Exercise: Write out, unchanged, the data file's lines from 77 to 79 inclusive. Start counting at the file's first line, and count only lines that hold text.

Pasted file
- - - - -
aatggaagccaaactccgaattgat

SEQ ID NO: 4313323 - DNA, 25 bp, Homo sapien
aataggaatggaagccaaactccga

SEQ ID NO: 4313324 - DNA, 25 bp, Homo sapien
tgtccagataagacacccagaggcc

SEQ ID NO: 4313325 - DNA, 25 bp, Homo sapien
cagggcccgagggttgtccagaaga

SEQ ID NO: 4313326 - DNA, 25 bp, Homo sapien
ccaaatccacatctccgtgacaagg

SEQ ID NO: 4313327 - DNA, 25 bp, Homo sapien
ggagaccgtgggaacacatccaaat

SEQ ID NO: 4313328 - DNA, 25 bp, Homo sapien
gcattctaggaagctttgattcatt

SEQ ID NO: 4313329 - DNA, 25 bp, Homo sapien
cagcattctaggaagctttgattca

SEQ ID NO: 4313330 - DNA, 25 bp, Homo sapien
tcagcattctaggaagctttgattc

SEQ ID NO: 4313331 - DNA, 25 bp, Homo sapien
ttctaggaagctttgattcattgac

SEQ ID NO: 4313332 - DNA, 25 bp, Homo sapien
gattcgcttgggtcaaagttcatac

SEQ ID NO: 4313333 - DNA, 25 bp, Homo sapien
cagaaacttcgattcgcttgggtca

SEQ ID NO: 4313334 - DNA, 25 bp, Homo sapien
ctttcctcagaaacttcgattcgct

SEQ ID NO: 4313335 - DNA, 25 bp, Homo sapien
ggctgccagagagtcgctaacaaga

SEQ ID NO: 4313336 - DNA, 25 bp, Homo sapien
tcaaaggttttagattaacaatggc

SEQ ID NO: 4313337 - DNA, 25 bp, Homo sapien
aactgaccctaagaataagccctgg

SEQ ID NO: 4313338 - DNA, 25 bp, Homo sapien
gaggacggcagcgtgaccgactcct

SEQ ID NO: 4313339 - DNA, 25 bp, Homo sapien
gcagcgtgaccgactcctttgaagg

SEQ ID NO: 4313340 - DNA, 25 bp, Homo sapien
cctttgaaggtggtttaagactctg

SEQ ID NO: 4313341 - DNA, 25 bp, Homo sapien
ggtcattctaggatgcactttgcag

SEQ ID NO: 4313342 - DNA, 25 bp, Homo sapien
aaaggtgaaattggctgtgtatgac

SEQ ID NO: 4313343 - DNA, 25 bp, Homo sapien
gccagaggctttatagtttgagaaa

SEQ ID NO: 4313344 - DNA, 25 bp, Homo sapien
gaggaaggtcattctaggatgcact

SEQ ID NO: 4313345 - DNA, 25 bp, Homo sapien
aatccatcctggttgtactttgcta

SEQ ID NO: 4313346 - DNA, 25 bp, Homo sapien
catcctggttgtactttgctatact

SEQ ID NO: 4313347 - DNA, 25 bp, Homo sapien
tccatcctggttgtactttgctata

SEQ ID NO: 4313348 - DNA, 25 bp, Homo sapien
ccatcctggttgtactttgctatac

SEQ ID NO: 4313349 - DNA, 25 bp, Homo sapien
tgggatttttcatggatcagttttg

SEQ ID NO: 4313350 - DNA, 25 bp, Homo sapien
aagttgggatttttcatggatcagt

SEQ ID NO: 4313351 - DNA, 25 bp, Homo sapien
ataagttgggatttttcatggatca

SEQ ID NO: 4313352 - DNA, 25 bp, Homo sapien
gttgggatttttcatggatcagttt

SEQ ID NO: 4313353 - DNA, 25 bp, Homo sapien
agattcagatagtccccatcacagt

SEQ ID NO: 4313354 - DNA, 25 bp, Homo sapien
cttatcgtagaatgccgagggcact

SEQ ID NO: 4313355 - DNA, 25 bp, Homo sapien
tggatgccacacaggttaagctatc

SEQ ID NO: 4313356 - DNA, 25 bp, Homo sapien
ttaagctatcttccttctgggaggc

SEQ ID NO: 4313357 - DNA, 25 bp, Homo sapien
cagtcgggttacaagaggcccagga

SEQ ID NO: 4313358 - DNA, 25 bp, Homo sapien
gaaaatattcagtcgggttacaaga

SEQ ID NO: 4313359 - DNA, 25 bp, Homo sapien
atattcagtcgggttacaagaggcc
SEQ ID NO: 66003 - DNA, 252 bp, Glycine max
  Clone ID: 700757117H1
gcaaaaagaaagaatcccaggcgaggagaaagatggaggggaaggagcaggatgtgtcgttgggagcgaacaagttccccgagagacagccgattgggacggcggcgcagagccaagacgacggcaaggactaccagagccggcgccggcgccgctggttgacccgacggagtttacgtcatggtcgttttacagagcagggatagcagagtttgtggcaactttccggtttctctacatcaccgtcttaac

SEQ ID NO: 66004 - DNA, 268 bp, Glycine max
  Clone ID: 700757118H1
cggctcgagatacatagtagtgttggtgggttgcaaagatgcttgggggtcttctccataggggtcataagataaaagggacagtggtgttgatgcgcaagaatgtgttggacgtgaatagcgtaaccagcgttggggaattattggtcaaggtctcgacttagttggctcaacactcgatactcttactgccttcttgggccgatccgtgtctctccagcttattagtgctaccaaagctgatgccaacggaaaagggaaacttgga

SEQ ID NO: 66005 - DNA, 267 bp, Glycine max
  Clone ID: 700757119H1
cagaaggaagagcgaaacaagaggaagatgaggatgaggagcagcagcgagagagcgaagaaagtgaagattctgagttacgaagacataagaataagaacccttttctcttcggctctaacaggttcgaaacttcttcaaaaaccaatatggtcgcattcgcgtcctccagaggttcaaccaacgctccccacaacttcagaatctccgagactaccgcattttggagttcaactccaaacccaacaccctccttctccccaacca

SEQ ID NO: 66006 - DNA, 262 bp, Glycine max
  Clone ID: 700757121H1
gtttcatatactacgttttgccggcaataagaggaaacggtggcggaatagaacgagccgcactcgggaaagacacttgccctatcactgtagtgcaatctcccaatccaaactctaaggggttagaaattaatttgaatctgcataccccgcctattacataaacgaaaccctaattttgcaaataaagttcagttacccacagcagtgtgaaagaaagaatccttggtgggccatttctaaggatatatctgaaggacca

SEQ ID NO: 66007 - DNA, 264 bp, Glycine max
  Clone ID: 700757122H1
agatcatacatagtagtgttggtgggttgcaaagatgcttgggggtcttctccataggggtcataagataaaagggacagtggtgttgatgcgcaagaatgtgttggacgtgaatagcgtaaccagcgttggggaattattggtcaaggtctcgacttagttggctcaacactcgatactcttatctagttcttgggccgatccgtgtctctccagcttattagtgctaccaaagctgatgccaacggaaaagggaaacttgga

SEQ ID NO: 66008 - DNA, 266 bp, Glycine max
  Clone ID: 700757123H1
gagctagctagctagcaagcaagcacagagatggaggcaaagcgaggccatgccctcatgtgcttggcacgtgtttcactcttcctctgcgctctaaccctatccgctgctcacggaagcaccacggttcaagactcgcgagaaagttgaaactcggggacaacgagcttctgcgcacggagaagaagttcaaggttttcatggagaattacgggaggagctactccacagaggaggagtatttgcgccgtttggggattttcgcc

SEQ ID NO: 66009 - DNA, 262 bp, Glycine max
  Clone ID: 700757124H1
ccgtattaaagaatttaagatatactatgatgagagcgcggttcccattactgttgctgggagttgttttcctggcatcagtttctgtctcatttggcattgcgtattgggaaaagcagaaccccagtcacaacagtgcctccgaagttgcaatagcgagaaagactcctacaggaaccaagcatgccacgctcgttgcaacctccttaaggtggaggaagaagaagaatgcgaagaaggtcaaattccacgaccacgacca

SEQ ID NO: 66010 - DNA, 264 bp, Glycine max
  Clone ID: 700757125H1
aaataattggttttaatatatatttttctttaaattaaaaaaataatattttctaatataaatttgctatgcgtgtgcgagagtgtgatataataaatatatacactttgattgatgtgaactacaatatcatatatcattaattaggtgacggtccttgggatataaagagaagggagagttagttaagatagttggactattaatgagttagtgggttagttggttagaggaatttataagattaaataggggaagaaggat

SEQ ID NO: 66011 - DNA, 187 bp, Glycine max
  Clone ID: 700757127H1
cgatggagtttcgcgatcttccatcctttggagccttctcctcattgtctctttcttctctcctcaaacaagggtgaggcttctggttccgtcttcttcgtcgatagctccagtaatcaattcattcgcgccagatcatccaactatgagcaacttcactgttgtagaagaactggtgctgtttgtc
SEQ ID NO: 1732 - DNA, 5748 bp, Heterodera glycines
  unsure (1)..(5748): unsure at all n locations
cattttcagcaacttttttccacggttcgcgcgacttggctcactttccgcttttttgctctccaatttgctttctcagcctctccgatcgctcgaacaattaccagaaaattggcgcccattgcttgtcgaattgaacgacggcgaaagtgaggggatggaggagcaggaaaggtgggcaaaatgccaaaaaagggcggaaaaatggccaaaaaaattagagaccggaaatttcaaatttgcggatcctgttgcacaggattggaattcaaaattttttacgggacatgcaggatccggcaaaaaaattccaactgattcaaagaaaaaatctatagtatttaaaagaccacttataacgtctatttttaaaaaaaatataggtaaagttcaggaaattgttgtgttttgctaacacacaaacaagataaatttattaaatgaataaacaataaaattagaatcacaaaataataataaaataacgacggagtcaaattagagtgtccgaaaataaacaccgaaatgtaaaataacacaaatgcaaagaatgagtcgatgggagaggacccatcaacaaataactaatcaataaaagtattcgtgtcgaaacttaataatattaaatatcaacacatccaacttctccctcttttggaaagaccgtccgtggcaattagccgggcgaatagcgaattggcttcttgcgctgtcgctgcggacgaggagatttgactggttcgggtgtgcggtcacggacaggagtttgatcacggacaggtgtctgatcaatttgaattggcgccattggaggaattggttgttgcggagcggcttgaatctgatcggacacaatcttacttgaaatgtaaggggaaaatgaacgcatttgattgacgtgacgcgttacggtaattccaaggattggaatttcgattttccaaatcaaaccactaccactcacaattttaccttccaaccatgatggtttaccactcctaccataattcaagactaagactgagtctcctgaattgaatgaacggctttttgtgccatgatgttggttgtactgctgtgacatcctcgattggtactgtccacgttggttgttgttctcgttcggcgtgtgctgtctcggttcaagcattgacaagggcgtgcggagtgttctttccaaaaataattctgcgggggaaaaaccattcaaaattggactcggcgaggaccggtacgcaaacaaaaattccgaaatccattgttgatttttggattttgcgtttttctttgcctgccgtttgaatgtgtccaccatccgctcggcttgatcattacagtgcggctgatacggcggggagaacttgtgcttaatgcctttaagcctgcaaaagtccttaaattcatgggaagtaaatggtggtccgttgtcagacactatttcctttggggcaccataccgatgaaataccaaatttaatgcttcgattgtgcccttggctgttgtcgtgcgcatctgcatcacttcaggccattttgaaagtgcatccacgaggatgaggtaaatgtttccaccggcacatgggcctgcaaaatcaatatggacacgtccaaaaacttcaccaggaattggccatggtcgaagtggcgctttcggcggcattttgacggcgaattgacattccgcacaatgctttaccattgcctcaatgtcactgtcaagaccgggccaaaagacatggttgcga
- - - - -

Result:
  Clone ID: 700757117H1
gcaaaaagaaagaatcccaggcgaggagaaagatggaggggaaggagcaggatgtgtcgttgggagcgaacaagttccccgagagacagccgattgggacggcggcgcagagccaagacgacggcaaggactaccagagccggcgccggcgccgctggttgacccgacggagtttacgtcatggtcgttttacagagcagggatagcagagtttgtggcaactttccggtttctctacatcaccgtcttaac

SEQ ID NO: 66004 - DNA, 268 bp, Glycine max